It's difficult to encapsulate this game in a few sentences, other than to say it plays out in many ways like a season of Twin Peaks in video game form. There are lots of little mysteries -- we don't really know, as players, whether or not York is really experiencing these other-worldly phenomena where all the combat takes place or whether they are simply a representation of the difficult art of profiling. After all, York is a little off-kilter, talking to Zach frequently and having kind of an odd view on the world. His name isn't really even York -- that's his middle name, and he always introduces himself that way, "Hi, I'm Francis York Morgan, please call me York, everybody does." The way he says it is so earnest, you almost feel like no one at the FBI actually does, and he's trying to assert a role for himself.
It's among the strangest games I've ever played, which is funny because it's more-or-less set in a realistic place and more-or-less right now. York drives around town, talking about his favorite movies (through hitting the "A" button when prompted to allow him to Talk to himself/Zach). In addition to the main storyline, which quickly ties into a bunch of other murders York has investigated over the years, there are lots of side missions that you can undertake, many of which grow your understanding of the various players in the mystery. The game's concerns are so strange here -- there's a hunger meter for York and a health meter and a sleepiness meter, and there's even an adrenaline meter which I need to attend to when I'm in combat or running or driving fast. And there's a lot of driving -- you're covering the real space of this game as if it were GTA, but it feels eerily slow.
Early on, I was driving in the first significant player-controlled event where you have to get to the murder scene, clear across the map of Greenvale, and I'm going along, talking to the characters in the car with me about movies, and I'm just thinking "What the hell is going on here? What is this game doing?" It took forever. I started noticing that I didn't have tons and tons of gas left -- who ever worries about how much gas is in a video game car? -- and I wondered if I'd even be able to get back. Why this? Why this dead space?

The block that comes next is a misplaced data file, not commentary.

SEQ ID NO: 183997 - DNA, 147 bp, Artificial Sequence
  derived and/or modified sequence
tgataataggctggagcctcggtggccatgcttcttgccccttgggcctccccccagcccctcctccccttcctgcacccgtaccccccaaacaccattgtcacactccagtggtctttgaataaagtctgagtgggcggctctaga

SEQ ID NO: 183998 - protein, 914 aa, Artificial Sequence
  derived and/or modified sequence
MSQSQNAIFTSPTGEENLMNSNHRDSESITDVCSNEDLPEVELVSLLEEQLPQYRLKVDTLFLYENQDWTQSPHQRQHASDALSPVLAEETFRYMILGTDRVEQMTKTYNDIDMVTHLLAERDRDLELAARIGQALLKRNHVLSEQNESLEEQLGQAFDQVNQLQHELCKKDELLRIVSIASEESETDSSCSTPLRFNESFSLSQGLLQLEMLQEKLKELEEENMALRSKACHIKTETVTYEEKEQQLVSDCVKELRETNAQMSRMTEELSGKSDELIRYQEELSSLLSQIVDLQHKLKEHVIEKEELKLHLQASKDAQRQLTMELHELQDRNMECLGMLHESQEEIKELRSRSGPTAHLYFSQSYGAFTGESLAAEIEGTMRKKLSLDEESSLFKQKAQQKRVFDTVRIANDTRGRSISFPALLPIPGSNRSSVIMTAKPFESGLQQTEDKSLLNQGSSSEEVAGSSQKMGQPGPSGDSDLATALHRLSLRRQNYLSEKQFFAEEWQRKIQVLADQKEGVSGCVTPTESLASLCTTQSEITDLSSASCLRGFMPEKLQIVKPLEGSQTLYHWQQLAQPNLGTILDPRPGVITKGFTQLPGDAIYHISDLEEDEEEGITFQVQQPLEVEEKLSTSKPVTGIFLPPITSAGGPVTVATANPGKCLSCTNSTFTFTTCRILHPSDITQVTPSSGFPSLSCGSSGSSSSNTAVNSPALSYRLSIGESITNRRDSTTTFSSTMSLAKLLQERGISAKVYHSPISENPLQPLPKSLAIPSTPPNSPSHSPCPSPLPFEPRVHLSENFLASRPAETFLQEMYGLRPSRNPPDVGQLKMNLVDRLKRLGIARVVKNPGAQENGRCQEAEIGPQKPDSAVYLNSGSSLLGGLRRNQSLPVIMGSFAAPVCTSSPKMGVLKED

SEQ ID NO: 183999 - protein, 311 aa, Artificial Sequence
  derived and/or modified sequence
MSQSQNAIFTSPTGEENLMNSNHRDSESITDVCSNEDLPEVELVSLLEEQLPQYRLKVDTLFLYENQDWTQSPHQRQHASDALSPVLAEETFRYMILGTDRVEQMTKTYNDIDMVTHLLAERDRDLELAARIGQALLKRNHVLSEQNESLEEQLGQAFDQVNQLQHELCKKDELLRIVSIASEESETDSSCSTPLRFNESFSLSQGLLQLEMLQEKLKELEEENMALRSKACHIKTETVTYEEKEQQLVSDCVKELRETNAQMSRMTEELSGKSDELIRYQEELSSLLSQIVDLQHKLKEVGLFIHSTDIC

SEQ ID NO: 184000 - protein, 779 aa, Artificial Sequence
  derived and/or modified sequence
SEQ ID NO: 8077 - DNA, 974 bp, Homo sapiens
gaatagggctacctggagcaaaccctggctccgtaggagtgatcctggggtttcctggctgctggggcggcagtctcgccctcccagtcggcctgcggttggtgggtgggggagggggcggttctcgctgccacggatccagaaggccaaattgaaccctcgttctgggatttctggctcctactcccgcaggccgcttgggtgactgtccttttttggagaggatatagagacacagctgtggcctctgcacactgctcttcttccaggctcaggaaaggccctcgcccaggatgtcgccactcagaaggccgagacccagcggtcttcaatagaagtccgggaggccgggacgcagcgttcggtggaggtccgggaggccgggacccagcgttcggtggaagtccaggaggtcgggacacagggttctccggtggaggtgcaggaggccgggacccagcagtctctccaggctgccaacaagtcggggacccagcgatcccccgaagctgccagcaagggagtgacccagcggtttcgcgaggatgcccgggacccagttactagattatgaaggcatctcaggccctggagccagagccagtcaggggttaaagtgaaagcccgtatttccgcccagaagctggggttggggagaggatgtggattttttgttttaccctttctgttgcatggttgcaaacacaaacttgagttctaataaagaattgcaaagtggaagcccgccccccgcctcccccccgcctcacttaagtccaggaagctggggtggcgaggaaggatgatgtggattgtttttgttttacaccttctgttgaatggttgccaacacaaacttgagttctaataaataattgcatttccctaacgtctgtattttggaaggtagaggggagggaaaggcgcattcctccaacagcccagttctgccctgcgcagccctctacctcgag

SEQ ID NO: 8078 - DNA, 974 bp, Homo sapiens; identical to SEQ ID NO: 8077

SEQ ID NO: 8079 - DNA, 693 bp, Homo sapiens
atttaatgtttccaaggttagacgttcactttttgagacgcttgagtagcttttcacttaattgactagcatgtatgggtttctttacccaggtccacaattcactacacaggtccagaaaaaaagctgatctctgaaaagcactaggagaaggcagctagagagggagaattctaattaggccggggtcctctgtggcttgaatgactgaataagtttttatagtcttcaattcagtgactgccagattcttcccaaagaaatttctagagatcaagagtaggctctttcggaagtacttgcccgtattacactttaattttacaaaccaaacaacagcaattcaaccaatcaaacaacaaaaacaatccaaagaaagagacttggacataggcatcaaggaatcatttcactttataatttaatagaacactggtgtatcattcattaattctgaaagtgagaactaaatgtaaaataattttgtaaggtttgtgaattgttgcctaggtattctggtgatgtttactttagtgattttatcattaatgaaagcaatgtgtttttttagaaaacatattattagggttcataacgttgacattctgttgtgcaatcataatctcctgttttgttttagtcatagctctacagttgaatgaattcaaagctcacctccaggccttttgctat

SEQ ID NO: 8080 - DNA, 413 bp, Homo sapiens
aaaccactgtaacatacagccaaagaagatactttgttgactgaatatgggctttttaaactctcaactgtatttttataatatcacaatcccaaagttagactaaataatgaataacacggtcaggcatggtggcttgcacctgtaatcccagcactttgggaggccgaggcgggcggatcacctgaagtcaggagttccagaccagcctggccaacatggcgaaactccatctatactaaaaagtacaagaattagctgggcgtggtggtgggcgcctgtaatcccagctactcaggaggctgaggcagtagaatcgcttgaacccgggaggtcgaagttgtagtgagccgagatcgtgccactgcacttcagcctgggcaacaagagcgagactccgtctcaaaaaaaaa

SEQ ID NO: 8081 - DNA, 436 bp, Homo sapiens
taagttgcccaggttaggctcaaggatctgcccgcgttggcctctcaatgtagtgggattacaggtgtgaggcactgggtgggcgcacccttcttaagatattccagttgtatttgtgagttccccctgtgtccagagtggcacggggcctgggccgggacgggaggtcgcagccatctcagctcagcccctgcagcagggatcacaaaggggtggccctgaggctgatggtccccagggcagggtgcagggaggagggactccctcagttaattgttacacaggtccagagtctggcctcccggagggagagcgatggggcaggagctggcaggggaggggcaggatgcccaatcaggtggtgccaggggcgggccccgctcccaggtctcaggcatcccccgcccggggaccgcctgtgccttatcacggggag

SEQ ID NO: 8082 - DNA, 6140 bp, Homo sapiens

Ultimately, fundamentally, what makes the game work so well is that it's very, very well realized; the sense of proportion and place directly contribute to the experience and draw you in. Each of these drives is an opportunity to get to know characters better, or York better. And there are perhaps a little over 30 characters, and all of them seem fully fleshed out, or at least memorably written. They have schedules of places they'll be, and they'll drive back and forth in the town to them or whatever. Everything plays out in close to real time - at one point I went to time it and forgot, but it feels like at best it's a little faster than real time. Certain main story events have to be attended to on the schedule the game sets, typically within a window, but otherwise you're free to drive around and talk to whomever, attend to side missions, etc.
There's some other weird stuff. The main story mostly surrounds going to locations, entering this "other world" creepy environment with combat and the finding of clues which turn into snippets of grainy video explaining what happened at the location. This is handled better, in my opinion, than the much more slick L. A. Noire, by gating progress on finding the important stuff and not having lots of superfluous dialogue about beer bottles and such. (Playing on easy, there was even highlighting in different colors indicating what was critical path and what was merely useful; I'm not certain that these little fountain particle effects appear in harder difficulties.) But even while I'm in the midst of doing that, I can walk into a little safe room and find myself able to shave, or change my outfit (and pay for the other suit to be cleaned!), or save the game at a pay phone. It's crazy and great.